|“Latest amendment to Act not applicable”|
MADURAI: A latest amendment to the Tamil Nadu Panchayats Act, stating that there should be a gap of one year between two no-confidence motions, will not be applicable to motions moved prior to the amendment but not taken up for voting, the Madras High Court has ruled.
Allowing two writ petitions filed in the Madurai Bench by six members of Udangudi panchayat union in Tuticorin district, Justice K. Chandru said that the Revenue Divisional Officer had committed an error in construing such a motion, moved against the union chairman, of having been barred under the amended enactment.
Petitioners’ counsel P.H. Manoj Pandian and K. Mahendran pointed out that their clients submitted a no-confidence motion on November 5, 2007. When the matter was pending consideration, Sections 211 and 212 of the Panchayats Act were amended through a Government Ordinance on December 12.
Thereafter, the petitioners moved a fresh no-confidence motion on January 14 because the earlier notice stood abated as per the amendment. The RDO refused to accept the fresh motion on the ground that it could be moved only after one year in consonance with the amended Act.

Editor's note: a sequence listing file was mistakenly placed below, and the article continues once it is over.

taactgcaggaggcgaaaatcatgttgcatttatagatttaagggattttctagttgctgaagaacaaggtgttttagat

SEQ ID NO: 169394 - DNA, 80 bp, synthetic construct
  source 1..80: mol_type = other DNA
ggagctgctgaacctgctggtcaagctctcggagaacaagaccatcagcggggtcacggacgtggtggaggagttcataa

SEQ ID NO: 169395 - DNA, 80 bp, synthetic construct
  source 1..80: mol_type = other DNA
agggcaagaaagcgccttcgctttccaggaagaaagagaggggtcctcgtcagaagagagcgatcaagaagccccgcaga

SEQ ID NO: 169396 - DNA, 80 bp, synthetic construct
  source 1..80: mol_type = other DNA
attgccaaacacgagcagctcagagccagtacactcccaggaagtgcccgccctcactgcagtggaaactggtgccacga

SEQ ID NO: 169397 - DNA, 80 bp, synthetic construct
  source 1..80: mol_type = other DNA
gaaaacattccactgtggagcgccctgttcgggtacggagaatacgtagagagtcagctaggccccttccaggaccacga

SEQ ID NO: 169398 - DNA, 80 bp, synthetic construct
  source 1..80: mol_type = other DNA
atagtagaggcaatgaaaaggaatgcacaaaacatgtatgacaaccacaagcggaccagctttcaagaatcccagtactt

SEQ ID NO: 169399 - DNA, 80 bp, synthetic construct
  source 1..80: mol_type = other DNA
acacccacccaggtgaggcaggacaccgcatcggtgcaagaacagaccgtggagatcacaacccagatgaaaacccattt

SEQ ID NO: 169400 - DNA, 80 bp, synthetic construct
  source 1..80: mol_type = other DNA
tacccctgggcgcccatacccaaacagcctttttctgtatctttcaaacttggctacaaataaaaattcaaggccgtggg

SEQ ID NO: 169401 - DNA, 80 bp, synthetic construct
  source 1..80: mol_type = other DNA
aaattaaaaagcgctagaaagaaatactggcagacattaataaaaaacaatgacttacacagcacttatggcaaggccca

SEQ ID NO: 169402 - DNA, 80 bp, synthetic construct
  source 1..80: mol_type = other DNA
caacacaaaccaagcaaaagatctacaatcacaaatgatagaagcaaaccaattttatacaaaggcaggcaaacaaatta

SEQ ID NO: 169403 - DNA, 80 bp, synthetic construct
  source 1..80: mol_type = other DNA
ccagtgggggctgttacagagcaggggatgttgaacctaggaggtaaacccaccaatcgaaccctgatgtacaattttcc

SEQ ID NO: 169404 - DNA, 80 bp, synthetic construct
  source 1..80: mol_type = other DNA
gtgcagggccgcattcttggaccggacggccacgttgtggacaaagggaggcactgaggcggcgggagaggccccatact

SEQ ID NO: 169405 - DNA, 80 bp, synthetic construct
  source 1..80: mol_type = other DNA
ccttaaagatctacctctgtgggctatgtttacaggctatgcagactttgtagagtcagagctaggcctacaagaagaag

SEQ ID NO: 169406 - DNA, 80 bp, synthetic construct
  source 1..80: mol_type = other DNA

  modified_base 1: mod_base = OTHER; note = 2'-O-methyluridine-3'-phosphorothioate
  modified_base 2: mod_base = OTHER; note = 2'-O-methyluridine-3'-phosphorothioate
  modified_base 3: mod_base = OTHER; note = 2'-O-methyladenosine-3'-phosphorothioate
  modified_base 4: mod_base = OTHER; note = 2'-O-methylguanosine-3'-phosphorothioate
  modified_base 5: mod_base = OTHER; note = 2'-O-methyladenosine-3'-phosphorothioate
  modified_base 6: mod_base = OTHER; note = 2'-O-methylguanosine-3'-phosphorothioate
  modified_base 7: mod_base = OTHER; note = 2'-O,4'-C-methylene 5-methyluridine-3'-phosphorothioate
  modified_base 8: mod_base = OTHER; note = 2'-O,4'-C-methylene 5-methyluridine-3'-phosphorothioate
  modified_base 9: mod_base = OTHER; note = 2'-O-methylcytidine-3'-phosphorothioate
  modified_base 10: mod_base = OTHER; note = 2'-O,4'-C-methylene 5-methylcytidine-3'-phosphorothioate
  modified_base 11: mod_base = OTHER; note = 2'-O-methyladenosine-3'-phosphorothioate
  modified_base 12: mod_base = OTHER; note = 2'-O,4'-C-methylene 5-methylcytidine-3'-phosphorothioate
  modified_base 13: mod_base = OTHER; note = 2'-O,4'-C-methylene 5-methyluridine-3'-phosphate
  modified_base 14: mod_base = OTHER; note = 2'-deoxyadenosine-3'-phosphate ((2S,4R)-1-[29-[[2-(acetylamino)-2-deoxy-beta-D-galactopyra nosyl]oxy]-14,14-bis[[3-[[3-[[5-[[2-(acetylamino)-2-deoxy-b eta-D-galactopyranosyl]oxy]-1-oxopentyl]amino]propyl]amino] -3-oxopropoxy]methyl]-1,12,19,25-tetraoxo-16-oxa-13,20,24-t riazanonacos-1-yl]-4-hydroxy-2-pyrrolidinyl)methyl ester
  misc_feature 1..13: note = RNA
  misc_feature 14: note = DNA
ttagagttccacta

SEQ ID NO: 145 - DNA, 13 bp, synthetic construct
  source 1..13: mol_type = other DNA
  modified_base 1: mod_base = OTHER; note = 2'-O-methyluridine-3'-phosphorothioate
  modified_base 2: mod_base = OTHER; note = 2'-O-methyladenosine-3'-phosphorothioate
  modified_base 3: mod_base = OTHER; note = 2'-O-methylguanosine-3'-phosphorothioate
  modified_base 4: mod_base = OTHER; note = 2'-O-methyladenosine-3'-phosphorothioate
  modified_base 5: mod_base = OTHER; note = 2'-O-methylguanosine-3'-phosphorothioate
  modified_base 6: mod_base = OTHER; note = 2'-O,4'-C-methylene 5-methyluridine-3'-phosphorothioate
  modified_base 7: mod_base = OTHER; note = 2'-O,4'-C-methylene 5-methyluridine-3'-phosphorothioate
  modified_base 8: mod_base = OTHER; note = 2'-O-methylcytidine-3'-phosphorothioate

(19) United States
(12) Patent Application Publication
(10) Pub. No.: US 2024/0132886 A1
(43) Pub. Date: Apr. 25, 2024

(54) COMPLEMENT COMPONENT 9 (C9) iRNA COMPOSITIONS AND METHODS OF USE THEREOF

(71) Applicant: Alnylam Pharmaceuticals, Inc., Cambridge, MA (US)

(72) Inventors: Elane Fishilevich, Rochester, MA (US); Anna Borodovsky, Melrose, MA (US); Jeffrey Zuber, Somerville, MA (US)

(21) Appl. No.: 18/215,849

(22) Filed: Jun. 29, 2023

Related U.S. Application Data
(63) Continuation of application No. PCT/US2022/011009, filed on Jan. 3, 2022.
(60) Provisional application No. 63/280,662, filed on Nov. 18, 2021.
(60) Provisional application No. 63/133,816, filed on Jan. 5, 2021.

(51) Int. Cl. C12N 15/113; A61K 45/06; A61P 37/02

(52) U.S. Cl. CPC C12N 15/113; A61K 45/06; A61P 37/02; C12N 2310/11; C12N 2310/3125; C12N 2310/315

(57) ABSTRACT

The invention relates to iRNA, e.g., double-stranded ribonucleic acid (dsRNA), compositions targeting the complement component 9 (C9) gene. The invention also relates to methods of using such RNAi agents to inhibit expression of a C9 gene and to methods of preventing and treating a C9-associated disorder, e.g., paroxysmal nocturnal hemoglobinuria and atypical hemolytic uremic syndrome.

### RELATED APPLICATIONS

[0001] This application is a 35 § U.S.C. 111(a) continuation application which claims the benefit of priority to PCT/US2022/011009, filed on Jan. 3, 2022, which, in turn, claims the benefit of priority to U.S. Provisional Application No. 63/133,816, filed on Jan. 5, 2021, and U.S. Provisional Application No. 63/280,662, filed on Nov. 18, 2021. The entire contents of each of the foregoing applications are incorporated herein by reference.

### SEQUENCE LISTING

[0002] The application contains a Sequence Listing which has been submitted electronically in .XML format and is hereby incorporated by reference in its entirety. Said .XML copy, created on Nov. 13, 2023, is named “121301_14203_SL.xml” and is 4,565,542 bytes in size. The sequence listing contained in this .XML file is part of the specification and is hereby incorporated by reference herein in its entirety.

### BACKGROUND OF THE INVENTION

The Judge agreed with the arguments advanced by Mr. Manoj Pandian that the intention of the legislature while amending the Panchayats Act was to curb the frequent use and misuse of no-confidence motions and not to curtail the democratic right once for all as construed by the RDO.
“Therefore, the order passed by Revenue Divisional Officer, Tiruchendur, in the writ petitions is illegal and beyond the statutory discretion vested on him. There is no embargo on the members of the panchayat union council in moving the motion of no-confidence,” Mr. Justice Chandru said.
He said that courts could not go into the motive behind no-confidence motions as it was an inevitable power vested on the individual members.
© Copyright 2000 - 2008 The Hindu